Mammary Glands (Breast)


The breast or mammary gland is a highly efficient organ mainly used to produce milk and is a mass of glandular, fatty, fibrous tissues. Mammary glands are exocrine glands that are enlarged and developmentally are modified sweat glands that are actually part of the skin. They are also classified as tubualveolar glands and are located in the breast lying on the top of the pectoralis major muscles. These glands are present in males and females; however, they normally function in the latter gender only.


The biological role of the mammary glands is to produce milk to nourish a newborn baby and to pass antibodies needed for baby’s protection against infections (passive immunity) while the immature immune is initiating its function.

Breast Anatomy
The breast is internally composed of the following parts:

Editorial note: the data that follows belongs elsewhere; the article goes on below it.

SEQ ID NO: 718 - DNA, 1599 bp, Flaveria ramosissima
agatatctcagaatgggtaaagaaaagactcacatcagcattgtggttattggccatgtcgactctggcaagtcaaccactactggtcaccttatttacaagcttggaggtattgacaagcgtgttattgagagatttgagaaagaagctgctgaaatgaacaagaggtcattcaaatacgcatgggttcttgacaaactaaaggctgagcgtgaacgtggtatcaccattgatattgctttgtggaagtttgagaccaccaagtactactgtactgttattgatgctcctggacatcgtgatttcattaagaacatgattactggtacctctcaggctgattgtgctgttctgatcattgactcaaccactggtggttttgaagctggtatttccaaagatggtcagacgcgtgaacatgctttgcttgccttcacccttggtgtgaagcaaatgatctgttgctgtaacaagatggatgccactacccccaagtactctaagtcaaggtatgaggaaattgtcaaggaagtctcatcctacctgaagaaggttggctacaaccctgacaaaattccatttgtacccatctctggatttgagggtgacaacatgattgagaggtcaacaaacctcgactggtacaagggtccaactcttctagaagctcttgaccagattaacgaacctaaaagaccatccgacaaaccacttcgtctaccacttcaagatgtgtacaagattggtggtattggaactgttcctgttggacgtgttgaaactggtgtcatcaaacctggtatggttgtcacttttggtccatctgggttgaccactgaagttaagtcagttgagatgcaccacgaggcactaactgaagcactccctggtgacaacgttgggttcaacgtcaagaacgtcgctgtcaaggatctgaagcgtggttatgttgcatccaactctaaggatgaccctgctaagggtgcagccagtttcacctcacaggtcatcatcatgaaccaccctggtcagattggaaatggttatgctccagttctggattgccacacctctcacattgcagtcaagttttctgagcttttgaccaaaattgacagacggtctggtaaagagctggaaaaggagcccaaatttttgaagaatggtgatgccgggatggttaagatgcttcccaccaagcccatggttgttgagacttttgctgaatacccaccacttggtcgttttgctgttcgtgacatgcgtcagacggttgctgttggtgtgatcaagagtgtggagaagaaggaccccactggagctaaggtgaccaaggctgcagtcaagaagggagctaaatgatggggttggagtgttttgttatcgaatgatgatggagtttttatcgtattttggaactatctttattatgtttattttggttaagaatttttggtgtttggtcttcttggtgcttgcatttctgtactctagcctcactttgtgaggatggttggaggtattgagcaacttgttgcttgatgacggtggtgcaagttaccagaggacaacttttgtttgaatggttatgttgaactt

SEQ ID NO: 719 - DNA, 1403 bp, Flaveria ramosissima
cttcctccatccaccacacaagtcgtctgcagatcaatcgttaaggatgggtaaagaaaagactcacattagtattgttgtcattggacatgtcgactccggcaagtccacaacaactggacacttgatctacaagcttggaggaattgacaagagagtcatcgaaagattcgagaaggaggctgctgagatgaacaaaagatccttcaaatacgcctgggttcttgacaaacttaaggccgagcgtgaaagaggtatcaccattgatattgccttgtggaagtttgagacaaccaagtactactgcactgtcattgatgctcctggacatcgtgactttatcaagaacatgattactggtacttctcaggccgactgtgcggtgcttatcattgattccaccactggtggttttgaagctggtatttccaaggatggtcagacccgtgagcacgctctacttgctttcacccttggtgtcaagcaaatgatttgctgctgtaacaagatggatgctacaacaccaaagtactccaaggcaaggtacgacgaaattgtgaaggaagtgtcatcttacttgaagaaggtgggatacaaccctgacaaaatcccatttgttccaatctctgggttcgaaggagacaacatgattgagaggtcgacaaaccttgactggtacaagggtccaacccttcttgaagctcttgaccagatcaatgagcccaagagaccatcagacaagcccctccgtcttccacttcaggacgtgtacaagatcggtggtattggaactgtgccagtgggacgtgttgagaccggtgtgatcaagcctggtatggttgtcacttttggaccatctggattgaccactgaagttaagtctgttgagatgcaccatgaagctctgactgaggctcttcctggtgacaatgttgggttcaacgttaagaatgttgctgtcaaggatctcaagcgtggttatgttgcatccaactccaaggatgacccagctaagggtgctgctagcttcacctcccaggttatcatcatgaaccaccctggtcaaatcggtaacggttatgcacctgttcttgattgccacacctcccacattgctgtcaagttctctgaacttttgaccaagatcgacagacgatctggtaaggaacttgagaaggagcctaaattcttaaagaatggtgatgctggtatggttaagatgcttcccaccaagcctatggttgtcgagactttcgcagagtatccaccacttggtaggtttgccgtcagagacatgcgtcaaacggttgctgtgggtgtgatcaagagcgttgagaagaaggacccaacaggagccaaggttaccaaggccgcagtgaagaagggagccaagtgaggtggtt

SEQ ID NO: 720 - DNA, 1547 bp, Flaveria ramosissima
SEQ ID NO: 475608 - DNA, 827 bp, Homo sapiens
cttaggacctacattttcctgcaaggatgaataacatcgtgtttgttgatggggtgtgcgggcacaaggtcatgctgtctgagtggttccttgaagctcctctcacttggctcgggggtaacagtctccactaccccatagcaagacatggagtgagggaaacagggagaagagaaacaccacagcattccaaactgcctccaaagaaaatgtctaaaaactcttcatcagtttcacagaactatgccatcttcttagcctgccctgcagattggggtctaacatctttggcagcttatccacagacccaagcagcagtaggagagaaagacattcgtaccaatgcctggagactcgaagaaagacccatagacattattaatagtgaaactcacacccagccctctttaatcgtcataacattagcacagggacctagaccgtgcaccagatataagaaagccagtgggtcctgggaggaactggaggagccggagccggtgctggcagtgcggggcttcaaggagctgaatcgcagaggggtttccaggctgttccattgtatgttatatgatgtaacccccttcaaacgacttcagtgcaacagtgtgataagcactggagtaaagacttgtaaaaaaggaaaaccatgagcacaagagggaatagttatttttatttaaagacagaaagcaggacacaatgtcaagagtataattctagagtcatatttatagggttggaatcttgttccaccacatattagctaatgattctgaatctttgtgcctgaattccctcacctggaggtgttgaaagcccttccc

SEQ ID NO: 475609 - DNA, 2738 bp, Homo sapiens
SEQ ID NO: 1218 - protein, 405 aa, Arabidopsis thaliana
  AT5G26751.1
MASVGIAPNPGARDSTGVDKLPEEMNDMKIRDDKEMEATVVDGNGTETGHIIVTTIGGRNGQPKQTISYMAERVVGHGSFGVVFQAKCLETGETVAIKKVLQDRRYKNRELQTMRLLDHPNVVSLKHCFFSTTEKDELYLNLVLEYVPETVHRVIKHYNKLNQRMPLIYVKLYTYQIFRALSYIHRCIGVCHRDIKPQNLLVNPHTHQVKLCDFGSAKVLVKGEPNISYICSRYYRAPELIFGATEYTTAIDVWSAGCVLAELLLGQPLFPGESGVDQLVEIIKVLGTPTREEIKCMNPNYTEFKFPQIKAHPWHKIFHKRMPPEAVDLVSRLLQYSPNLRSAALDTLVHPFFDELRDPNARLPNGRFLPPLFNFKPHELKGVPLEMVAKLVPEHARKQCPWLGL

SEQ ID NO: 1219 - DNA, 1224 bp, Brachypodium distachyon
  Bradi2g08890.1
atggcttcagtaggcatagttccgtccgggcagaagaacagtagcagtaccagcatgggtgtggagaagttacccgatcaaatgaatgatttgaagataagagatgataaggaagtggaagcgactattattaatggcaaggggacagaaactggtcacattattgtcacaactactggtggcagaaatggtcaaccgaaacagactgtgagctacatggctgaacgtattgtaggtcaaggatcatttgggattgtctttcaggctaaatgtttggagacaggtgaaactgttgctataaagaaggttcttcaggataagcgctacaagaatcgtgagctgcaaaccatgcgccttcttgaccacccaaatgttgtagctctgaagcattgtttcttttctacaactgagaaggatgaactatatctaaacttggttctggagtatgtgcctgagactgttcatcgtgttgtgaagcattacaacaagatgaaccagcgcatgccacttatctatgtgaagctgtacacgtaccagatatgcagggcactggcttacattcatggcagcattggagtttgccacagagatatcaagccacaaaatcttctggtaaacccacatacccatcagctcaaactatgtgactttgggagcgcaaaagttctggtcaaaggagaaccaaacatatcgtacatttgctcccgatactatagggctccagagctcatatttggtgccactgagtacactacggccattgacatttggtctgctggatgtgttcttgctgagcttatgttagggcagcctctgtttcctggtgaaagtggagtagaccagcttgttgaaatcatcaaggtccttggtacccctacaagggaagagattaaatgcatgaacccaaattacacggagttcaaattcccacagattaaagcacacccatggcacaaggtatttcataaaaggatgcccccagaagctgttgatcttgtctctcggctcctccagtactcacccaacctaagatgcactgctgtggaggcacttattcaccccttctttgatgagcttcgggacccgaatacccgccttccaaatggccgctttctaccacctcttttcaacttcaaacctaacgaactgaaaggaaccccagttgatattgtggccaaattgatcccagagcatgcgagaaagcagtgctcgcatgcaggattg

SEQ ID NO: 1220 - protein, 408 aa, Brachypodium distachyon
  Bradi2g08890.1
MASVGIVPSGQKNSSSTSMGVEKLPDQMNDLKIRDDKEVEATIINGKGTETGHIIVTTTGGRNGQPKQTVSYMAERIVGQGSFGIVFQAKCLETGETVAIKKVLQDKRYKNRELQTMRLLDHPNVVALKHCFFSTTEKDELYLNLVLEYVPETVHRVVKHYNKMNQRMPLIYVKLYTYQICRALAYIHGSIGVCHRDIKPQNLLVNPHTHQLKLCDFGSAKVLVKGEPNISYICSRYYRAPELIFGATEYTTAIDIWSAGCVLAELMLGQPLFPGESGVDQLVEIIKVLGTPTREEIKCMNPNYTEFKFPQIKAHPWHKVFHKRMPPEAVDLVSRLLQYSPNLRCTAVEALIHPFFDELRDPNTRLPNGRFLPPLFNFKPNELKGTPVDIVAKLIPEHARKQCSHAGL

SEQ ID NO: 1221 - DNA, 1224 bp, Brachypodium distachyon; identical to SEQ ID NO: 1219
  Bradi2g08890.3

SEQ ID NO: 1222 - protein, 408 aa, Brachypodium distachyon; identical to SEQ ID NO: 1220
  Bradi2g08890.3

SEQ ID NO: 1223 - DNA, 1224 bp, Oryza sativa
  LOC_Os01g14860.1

• Lobes and Lobules
    • Internally, the mammary gland is composed of 15-25 lobes that radiates around the nipple. Each lobe consists of about 20-40 lobules, a smaller milk duct that contains 10-100 supporting alveoli.

  • Glandular tissue
    • Glandular tissues are responsible for milk production and transportation which is composed of:
      • Alveoli – epithelial grape-like cluster of cells where milk is produced.
      • Ductules – branch-like tubules extending from the clusters of alveoli and empties to larger ducts called lactiferous ducts.
      • Lactiferous ducts – widen underneath the areola and nipple to become lactiferous sinuses.
      • Lactiferous sinuses – collect milk from lactiferous ducts and narrows to an opening in the nipple (nipple pore).
  • Connective tissue
    • Connective tissue supports the breast. Cooper’s ligaments are fibrous bands that attach the breast to the chest wall and keep the breast from sagging.
  • Blood
    • nourishes breast tissue and supplies the nutrients to the breast needed for milk production.
  • Nerves
    • make the breast sensitive to touch, hence allowing the baby’s suck to stimulate the release of hormones that trigger the let-down or milk ejection reflex (oxytocin) and the production of milk (prolactin).

  • Lymph nodes